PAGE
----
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Thread: Minor Scales

  1. #1
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    Minor Scales

    I have just completed a chapter on minor scales. It covered relative minor scales, harmonic minor scales and melodic minor scales. I understand the basics in that I know how to count them out but what I would like to know is which scales should I try to learn first? My instrument is guitar. I have no idea when to use these various scales.

    I assume that the melodic and harmonic scales are for improvisation and do not have a key signature like the relative minor. Am I correct?

    Thanks so much for everyone's help.

    Wishing you the best,

    Gil

  2. #2
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    Key signatures for melodic minor and harmonic minor will be the same as natural minor for a given root, with accidentals used in the score to account for differences.

    I'd suggest reposting your question in the "Music Theory" section - as the most heavily trafficked subforum of this site (which, frankly, doesn't have a lot of active users) you're likely to get the most views/responses there.

  3. #3
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    Quote Originally Posted by walternewton View Post
    Key signatures for melodic minor and harmonic minor will be the same as natural minor for a given root, with accidentals used in the score to account for differences.

    I'd suggest reposting your question in the "Music Theory" section - as the most heavily trafficked subforum of this site (which, frankly, doesn't have a lot of active users) you're likely to get the most views/responses there.
    Thanks Walter. I will do that.

  4. #4
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    Quote Originally Posted by gilcarleton View Post
    .... what I would like to know is which scales should I try to learn first? My instrument is guitar. I have no idea when to use these various scales.
    I've recommended it here many times before, but get the DVD from Scott Henderson. Ie this one -

    http://www.musicroom.com/se/ID_No/0711948/details.html
     
    That will show you in detail when, how and why to use all sorts of different scales, modes and arpeggios, with what are imho masses of beautiful improvised playing examples.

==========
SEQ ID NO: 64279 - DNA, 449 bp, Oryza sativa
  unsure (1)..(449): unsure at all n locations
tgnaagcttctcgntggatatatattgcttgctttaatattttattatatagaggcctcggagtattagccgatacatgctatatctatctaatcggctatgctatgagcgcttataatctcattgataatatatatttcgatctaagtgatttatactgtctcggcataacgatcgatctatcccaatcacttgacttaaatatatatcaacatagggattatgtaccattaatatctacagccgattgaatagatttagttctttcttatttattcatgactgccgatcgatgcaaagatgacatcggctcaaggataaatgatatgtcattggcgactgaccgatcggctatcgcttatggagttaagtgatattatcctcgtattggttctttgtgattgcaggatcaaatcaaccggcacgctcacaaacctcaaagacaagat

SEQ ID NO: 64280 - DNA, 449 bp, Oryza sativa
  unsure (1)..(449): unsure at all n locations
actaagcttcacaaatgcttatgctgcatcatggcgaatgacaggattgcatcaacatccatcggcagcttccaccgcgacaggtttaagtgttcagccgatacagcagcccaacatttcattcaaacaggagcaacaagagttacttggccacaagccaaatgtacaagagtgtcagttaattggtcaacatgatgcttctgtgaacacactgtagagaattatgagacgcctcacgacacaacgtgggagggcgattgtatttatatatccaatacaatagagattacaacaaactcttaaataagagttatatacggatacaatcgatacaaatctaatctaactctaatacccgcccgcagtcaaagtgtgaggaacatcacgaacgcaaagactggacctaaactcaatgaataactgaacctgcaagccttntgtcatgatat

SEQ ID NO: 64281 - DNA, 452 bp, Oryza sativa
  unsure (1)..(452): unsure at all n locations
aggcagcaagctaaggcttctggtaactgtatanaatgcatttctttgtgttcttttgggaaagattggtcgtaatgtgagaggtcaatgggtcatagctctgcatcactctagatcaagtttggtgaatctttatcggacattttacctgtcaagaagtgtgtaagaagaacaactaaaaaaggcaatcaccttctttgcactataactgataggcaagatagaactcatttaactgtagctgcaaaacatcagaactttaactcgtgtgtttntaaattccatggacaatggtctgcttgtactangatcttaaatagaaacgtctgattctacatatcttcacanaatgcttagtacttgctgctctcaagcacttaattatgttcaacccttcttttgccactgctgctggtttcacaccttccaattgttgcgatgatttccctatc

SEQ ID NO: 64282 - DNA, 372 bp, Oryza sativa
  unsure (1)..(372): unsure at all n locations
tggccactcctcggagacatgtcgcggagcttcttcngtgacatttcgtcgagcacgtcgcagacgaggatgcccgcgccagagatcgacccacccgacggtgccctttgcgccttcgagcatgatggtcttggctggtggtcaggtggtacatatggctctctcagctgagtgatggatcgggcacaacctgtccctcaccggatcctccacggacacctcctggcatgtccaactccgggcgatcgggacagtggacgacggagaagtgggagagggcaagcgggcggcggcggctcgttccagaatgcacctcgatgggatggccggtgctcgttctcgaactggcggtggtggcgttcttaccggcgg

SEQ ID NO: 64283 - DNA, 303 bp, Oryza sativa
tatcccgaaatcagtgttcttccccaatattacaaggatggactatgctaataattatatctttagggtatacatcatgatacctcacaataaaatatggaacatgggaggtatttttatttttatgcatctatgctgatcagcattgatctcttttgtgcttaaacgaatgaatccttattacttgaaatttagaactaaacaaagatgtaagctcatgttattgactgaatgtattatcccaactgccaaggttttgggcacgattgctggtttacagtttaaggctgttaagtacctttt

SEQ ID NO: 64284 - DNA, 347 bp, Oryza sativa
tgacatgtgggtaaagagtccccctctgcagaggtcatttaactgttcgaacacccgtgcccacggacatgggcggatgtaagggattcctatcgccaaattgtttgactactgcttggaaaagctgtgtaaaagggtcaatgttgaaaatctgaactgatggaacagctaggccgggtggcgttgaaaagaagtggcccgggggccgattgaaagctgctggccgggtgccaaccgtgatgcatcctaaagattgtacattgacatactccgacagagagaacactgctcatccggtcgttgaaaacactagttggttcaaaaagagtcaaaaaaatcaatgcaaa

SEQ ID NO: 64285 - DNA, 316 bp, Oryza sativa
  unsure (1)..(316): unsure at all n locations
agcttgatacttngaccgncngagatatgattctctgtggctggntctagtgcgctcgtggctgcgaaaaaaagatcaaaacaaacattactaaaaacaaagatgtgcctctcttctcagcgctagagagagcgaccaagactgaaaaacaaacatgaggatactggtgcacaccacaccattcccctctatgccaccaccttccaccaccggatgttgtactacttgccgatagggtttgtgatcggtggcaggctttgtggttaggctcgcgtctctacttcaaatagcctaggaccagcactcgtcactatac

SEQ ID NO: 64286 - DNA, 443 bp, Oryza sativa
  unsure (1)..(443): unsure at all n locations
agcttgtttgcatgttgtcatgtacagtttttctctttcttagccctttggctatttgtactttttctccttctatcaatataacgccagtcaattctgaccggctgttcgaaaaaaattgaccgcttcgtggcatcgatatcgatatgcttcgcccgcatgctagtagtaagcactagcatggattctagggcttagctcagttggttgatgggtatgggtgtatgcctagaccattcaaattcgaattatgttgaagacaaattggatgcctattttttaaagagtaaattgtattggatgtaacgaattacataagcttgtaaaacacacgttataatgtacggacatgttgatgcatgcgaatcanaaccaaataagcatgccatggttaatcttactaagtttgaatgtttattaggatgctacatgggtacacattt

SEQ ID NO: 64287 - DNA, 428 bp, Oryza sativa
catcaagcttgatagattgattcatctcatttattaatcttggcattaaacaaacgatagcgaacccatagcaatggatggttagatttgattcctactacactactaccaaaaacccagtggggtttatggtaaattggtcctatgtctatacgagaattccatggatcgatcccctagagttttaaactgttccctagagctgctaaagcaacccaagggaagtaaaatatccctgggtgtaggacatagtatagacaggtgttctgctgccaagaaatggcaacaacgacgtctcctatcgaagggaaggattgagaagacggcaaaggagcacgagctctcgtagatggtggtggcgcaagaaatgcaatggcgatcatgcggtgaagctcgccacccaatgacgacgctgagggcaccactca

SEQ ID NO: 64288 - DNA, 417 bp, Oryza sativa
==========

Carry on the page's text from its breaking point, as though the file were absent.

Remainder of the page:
That’s the short answer.

    Here is the longer answer …

    …. although more recently I have partly succumbed to the constant protestations from jazz musicians that it's better to play from chord tones (rather than from specific scales), and I now also practice with that idea quite a lot (see below re the two books from Garrison Fewell), I continue to rate that Scott Henderson DVD as strongly and fully as ever - it's the one single guitar instructional source of any kind that I really would pay ten times the asking price for ... and I mean that literally.

    Apart from the Henderson DVD, there are also two books by Frank Gambale which describe almost exactly the same method using all the same scales and arpeggios (http://www.musicroom.com/se/ID_No/033414/details.html and http://www.musicroom.com/se/ID_No/033352/details.html). Those books obviously have the advantage that they provide you with a printed copy of all the material, so you have that as a hard-copy reference to use and learn from. However, they cannot of course match a DVD in showing you clear close-up film of what Henderson is actually playing and explaining in person.

    The Henderson DVD also has the huge advantage that the entire second hour of that DVD is devoted to explaining how to phrase in a musical way using the various scales and arps. Ie he explains how to create musical phrases by various means of timing, rhythmic accents, passing tones etc. None of that is discussed in the books by Gambale.

    OK, so that is the strongest possible recommendation for the Henderson DVD - just get it, it will be the best money you ever spent on anything to do with learning guitar.

    Of course it goes without saying that you must at all costs avoid what I have found many people doing with a DVD like that, and simply watching it as a piece of film. That’s obviously no use at all. You have to use the DVD as a source of everyday practice and learning. IOW - you have to sit down with the DVD, with your guitar in hand, and with a stack of note paper and a pen to make TAB notes to transcribe and explain everything Henderson plays on the film. To that extent, re. transcribing it all on to paper, as I said above, the printed books by Gambale provide you with a ready printed hard copy of most of the material.